While the design prompt of "nice Nuckelavee" is obviously a daunting one, I found it quite fun. I enjoy making creature characters far more then human ones, and I feel like with each drawing I was getting closer and closer to the design I wanted, like a sculptor reveling their maiden from stone.

The image above shows the finalised designs for Cnaimhin, Gwyn and Levene. I made this image mostly to make a “finished” picture of my characters, since it feels weird for me to keep my character in development for so long, but compared to my previous pics of them, they are an improvement.

Cnaimhin is probably the design which changed the most after this picture, since after the skull, I got lazy and just copied the horse from anatomy references. You can tell that I had no idea what to do about the legs, but I’m still quite proud about her human half and how appealing I was able to get it.

Then there’s Levene, a character design which virtually hasn’t changed since this image (at least the design for her in uniform). Even though I drew her too thin (a habit that is very hard for me to get out of), I’m happy with her shape and how friendly she looks.

And finally, Gwyn, the main character which, for some reason, I hadn't drawn until how. Out of all the characters I’ve designed so far, Gwyn was by far the easiest. I’ve looked through my files and I could not find any previous designs for her. I’m pretty sure I liked her first draft so much that I just coloured it in and called it a day. From what I remember, Gwyn back then didn’t have many character traits other than “spunky”, so her character design process was just making a thin frame and giving her scruffy hair. I also made her hair match Cnaimhin’s at the back to connect the designs a little bit, a detail which I forgot about and ditched in her later incarnations.

This illustration was both a design of Gwyn in casual clothes, and a study of LuigiL on DeviantArt. LuigiL is a character illustrator who makes extremely pleasing character designs. I love their style and wanted to mimic it, and this exploration into his style permanently changed my own going forward, especially in the face. I think that the way I draw noses and ears came directly from what I learned from this illustration, and I learned just how important Line Weight is to make a picture pop.

This image is probably one of my favourites. I think this was the first time I truly “got” Cnaimhin’s design. When everything clicked and I was like “Yes. That’s my girl!” (And yes, they are female. I've definitely thought of making their anatomy more feminine, but how could I do that for a naked character?) I still edited the design a little bit here and there, mostly with the shape of the horse head, but when it comes to the colours, human face shape and anatomy of the body, this image is my go to reference.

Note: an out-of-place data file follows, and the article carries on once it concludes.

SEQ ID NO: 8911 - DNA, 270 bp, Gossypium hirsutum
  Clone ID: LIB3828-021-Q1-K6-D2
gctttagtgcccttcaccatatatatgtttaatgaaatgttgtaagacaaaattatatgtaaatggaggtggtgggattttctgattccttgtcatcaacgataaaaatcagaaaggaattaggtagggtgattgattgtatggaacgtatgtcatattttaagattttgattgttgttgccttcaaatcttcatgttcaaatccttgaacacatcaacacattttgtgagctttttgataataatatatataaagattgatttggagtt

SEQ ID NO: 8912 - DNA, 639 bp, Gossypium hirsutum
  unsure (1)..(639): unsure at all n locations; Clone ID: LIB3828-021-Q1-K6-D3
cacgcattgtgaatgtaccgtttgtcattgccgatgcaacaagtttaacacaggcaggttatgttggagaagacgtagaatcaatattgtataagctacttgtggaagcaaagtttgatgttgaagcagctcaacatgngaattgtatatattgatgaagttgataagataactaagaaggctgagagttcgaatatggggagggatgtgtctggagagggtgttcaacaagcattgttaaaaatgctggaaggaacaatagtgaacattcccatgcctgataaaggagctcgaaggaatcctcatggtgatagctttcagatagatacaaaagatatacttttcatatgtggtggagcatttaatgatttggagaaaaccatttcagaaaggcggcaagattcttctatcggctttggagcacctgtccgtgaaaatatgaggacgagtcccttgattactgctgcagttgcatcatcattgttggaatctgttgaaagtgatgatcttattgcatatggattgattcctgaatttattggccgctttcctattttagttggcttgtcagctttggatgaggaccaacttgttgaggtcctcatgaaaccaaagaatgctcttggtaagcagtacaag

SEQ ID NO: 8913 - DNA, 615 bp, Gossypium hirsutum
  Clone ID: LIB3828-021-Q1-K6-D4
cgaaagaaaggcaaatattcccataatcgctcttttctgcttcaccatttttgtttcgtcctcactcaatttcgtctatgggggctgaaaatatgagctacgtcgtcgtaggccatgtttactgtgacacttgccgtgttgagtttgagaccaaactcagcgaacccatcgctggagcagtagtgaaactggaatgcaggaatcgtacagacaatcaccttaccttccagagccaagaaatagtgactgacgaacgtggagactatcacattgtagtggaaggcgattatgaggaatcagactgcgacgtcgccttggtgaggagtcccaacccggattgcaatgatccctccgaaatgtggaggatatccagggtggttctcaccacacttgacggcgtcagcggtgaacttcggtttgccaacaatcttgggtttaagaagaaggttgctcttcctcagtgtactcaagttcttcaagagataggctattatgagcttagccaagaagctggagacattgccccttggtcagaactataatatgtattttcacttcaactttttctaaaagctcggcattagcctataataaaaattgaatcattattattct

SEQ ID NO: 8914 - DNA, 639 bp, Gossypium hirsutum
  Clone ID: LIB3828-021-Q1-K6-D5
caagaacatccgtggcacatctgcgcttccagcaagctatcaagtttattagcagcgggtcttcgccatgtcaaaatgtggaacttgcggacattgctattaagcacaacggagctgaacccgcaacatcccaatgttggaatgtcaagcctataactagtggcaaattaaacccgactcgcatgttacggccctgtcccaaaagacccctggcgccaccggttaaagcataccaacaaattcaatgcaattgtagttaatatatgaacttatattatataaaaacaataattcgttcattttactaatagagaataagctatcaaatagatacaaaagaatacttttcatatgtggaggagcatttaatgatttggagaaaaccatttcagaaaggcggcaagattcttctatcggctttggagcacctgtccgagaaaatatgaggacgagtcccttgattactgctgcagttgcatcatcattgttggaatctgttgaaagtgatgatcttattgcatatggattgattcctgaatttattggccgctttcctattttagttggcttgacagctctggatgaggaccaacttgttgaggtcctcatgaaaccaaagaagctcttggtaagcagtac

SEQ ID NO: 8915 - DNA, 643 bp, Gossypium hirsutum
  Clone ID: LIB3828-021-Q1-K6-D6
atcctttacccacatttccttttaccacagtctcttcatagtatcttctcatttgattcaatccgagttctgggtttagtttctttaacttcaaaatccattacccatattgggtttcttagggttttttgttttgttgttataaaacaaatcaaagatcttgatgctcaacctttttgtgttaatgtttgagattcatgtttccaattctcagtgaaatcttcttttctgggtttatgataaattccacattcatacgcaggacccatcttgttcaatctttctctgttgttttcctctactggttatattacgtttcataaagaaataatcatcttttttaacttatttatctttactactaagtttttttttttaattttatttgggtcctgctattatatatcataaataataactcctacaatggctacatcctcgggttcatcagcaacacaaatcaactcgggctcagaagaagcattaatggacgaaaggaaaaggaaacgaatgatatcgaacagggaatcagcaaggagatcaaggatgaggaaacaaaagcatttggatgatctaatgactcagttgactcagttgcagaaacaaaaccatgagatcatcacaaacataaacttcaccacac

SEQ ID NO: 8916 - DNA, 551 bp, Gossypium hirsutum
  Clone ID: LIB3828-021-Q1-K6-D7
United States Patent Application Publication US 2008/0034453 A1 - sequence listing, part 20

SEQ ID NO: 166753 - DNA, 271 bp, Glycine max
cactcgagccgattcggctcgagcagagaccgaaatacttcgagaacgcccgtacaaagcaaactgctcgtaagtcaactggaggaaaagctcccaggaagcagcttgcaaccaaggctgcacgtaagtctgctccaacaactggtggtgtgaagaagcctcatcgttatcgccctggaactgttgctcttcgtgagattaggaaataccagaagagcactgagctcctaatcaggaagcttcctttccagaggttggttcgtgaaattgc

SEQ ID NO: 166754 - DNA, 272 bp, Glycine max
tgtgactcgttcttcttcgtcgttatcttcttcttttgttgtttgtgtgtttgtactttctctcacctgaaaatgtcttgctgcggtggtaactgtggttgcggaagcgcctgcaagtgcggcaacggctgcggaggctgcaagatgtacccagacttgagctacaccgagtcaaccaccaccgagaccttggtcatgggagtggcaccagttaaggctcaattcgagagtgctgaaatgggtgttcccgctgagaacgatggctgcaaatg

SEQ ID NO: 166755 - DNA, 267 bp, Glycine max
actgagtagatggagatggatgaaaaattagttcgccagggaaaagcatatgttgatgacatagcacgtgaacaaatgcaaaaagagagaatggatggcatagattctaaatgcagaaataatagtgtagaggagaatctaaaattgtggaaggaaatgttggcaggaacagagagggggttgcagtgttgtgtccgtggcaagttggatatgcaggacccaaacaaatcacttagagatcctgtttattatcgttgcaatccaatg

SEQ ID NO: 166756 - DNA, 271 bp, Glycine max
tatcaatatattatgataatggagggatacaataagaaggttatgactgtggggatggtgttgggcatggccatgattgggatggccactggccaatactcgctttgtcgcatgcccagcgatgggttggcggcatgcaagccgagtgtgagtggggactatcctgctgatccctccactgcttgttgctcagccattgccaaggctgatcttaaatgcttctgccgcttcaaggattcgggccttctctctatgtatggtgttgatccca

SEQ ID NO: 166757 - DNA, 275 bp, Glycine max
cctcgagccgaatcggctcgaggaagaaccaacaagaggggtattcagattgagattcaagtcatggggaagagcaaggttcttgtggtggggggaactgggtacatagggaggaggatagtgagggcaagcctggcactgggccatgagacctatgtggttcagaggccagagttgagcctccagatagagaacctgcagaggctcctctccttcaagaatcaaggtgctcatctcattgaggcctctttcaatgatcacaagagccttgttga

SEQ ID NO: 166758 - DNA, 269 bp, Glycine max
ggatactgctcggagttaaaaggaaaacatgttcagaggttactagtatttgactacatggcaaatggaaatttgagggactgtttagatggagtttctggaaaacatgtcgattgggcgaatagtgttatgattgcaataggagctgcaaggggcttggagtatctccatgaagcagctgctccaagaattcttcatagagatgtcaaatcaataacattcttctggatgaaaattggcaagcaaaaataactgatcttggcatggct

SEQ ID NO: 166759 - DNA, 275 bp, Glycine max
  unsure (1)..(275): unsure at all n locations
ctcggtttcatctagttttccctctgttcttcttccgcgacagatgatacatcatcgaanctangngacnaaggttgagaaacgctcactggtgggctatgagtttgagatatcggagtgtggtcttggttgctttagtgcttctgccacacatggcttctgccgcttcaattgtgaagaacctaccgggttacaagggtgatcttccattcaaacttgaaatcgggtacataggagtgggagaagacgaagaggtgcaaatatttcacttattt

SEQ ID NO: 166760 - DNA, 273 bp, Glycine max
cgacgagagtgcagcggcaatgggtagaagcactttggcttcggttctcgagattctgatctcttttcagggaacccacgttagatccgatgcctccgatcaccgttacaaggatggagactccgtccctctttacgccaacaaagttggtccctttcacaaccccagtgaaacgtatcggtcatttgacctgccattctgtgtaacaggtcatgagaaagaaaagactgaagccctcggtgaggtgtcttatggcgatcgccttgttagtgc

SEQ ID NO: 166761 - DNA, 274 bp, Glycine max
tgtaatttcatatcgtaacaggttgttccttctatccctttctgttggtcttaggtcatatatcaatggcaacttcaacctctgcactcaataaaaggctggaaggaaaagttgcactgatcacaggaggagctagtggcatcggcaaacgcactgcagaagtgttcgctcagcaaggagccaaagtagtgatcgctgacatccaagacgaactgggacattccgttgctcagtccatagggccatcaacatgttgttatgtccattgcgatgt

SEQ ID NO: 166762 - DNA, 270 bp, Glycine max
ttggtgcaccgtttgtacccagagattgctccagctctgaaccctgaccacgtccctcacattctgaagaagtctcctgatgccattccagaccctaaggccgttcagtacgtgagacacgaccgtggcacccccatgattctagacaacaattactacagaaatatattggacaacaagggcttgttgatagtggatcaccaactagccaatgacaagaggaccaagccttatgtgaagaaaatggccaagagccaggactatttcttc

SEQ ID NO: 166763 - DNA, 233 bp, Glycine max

It was around autumn last year that I realized that Gwyn needed an update. No longer could her character be simplified down to the term “spunky”. Now she was a girl with personality. Previously a prodigy at ballet (which I chose because swan lake was based on celtic mythology), Gwyn is trying to escape her mum’s overly strict upbringing. In her pursuit for freedom, she discovers Cnaimhin who shows her the art of witchcraft, an art which will get her into so much trouble when her mum finds out.

With this new back story, Gwyn’s previous “scruffy” design didn’t fit. I kept her body shape the same, but experimented with the hair since that was the problem area. After exploring for a while I found a design which fit her character nicely. It was angular with very few curves. Sharp, but with a slight roughness which hinted to her darker tendencies.

Above are two WIPs for Cnaimhin’s cursed form. For you see, Cnaimhin has a few secrets up her sleeve. She might look scary now, but her true form will give you nightmares. Cnaimhin’s true form is a screaming, soul thirsty monster, existing in agony as it’s emotions are too strong for it to handle. It’s something Cnaimhin does everything in her power to repress, but of course, sometimes things don’t go to plan.

The first image was kind of a flop. When designing this new form, I wanted it to look more like the original description of the Nuckelavee. This meant the design needed “ a mouth sticking out like the snout of a pig”, “arms so long, that it could reach the ground without even bending over”, a horse head with “steam belched out of it”, a “single red eye”, “hairless” and “black blood pumping through its veins.”